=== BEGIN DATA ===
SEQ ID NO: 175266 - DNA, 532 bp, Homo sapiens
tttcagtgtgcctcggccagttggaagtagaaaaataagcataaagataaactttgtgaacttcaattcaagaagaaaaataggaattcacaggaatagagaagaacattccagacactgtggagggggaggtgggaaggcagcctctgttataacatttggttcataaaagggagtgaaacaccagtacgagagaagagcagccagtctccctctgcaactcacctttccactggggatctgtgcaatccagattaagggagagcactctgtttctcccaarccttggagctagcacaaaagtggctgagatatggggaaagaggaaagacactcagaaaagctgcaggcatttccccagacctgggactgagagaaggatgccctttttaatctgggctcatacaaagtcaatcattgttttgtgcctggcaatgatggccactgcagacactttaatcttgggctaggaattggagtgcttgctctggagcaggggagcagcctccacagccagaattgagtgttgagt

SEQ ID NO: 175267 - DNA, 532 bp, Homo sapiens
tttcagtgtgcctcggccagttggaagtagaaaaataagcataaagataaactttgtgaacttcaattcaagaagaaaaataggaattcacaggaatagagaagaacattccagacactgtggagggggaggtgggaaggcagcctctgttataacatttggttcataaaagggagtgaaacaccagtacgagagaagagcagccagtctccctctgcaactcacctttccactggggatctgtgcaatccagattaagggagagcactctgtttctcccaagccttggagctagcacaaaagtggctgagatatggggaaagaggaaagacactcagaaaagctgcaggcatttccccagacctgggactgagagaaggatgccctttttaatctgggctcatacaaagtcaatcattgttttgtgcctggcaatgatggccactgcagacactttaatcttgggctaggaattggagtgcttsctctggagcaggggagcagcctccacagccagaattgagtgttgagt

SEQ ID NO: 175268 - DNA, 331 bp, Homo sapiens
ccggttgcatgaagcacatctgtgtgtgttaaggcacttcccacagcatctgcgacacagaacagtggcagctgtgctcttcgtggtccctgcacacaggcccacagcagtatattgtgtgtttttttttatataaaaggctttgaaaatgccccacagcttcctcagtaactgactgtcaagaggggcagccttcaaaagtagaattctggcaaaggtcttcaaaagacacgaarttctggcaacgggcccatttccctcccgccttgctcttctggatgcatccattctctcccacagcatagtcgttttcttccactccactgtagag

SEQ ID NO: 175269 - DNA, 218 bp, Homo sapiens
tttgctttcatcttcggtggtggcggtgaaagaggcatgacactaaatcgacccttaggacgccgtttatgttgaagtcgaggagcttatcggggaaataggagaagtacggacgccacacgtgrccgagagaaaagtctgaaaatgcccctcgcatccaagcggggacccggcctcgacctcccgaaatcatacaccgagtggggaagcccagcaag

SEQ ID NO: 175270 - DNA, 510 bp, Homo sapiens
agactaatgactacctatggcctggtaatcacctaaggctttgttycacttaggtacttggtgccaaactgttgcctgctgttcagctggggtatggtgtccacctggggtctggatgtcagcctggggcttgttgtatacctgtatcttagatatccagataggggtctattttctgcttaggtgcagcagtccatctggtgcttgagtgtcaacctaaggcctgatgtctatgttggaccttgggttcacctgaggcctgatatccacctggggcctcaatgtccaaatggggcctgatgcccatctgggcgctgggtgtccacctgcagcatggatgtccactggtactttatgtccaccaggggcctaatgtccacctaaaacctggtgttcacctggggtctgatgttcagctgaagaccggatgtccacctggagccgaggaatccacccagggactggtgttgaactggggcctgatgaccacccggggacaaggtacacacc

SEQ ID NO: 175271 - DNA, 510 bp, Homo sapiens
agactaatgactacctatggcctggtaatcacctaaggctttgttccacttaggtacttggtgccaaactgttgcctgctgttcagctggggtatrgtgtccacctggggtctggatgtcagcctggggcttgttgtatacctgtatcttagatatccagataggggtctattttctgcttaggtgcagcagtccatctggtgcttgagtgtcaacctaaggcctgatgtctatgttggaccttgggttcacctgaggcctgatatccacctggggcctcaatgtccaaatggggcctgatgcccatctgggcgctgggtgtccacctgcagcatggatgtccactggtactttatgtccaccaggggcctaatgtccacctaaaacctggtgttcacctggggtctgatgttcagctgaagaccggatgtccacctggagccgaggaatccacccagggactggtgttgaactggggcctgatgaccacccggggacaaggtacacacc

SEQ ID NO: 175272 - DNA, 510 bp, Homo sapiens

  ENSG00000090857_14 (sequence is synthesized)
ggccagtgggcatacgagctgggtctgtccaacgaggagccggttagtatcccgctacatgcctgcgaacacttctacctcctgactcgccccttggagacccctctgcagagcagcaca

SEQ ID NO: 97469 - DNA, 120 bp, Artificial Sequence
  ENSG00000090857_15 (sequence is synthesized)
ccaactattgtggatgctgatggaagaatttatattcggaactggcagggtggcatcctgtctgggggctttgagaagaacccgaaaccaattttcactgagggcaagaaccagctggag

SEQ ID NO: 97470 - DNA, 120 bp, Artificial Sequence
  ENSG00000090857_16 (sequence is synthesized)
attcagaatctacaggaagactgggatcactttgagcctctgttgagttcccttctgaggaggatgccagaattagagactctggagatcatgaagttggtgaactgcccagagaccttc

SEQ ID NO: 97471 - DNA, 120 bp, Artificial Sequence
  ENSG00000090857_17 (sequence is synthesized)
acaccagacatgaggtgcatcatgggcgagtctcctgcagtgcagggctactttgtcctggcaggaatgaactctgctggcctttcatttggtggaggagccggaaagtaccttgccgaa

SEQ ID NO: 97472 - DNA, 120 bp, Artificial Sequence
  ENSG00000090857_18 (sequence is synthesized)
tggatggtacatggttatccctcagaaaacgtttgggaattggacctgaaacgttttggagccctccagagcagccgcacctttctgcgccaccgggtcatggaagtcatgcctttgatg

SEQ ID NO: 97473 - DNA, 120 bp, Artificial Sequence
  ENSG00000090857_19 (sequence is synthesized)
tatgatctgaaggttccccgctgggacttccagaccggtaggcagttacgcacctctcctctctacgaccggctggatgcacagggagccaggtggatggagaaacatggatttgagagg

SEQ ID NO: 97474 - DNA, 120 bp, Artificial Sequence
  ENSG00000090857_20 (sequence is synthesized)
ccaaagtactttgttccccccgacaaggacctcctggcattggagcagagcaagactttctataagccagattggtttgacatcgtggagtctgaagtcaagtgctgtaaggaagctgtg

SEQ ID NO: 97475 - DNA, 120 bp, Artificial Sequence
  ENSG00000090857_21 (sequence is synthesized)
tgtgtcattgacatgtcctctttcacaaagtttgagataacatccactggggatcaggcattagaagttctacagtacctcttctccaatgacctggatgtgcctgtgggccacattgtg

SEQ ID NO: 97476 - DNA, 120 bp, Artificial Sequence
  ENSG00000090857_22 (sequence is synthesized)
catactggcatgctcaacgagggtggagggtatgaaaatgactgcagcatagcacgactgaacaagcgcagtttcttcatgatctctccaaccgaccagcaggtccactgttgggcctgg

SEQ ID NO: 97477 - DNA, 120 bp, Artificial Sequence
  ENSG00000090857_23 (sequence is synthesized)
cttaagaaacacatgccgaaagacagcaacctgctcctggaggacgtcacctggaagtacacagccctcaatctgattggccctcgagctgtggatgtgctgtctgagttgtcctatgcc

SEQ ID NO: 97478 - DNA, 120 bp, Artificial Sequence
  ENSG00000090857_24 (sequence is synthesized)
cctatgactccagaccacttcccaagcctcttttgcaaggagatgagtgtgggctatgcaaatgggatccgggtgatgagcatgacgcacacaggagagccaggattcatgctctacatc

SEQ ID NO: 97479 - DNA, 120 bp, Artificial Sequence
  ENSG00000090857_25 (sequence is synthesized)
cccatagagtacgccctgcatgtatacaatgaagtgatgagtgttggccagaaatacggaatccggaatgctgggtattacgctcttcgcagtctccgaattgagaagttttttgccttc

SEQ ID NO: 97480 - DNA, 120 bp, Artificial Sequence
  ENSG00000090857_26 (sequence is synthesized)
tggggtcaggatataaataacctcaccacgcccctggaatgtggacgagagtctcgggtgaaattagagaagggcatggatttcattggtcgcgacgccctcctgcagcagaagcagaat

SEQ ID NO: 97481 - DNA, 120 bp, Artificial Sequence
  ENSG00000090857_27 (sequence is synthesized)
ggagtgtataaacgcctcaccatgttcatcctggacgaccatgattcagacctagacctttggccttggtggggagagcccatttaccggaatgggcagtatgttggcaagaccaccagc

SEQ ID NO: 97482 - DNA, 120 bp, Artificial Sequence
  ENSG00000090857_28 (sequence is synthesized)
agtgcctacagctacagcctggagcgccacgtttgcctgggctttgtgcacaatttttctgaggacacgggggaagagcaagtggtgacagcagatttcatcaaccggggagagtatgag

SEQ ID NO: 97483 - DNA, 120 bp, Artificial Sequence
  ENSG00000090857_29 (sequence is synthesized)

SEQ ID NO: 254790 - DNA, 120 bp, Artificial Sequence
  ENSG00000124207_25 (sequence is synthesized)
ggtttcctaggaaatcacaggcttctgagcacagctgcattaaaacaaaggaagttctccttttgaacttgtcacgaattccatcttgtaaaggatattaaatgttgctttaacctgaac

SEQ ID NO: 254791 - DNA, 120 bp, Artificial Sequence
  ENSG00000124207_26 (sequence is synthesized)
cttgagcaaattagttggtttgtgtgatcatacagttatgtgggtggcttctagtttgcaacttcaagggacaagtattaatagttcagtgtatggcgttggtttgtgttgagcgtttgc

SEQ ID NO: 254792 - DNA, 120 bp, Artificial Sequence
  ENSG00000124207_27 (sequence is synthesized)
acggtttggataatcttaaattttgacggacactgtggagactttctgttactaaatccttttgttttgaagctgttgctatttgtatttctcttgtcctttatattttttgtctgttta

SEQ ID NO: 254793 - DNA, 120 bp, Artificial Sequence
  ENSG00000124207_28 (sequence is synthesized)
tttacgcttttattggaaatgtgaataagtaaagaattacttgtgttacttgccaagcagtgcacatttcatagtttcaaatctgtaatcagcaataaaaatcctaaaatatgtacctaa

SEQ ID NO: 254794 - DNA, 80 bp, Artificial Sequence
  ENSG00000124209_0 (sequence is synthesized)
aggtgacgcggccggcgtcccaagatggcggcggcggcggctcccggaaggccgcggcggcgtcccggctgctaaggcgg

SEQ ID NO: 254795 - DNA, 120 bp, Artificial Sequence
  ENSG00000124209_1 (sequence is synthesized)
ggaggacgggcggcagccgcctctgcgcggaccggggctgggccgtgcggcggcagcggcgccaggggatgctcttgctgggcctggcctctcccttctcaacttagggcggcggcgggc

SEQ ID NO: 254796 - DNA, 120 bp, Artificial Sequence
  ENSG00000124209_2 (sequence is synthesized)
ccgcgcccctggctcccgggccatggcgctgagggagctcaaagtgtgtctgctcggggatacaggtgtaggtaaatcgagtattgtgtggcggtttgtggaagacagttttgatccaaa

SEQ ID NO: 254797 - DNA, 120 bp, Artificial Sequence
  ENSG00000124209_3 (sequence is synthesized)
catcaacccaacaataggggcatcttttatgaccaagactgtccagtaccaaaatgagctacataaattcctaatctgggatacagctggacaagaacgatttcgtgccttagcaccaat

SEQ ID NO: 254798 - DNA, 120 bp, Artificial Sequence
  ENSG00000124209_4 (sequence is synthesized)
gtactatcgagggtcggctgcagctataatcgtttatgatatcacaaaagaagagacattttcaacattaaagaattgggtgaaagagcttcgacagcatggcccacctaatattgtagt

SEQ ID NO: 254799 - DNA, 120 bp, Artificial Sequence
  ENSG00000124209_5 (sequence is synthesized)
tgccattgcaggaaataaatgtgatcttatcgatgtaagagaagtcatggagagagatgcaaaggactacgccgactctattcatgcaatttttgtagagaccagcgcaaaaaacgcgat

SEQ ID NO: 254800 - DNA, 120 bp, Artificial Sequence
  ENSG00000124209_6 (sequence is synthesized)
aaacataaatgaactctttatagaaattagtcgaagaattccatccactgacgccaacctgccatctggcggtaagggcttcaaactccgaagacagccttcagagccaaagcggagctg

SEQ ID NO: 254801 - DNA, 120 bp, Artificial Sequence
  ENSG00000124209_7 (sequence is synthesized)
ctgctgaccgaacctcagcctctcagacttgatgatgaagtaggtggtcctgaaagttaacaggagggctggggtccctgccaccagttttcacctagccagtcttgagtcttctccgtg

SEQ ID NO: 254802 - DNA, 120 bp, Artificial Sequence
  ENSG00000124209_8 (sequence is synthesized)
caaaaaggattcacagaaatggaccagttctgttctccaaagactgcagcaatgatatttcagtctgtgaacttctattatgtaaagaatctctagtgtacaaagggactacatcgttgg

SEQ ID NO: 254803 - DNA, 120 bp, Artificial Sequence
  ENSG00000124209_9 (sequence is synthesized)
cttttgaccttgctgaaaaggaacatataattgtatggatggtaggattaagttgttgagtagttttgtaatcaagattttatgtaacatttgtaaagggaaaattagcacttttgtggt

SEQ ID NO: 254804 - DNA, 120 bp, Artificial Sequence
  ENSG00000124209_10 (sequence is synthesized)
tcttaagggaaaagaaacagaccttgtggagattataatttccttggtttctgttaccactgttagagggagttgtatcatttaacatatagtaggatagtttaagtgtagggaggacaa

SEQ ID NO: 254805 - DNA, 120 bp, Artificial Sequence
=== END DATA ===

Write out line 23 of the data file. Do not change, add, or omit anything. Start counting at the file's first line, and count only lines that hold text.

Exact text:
  ENSG00000090857_17 (sequence is synthesized)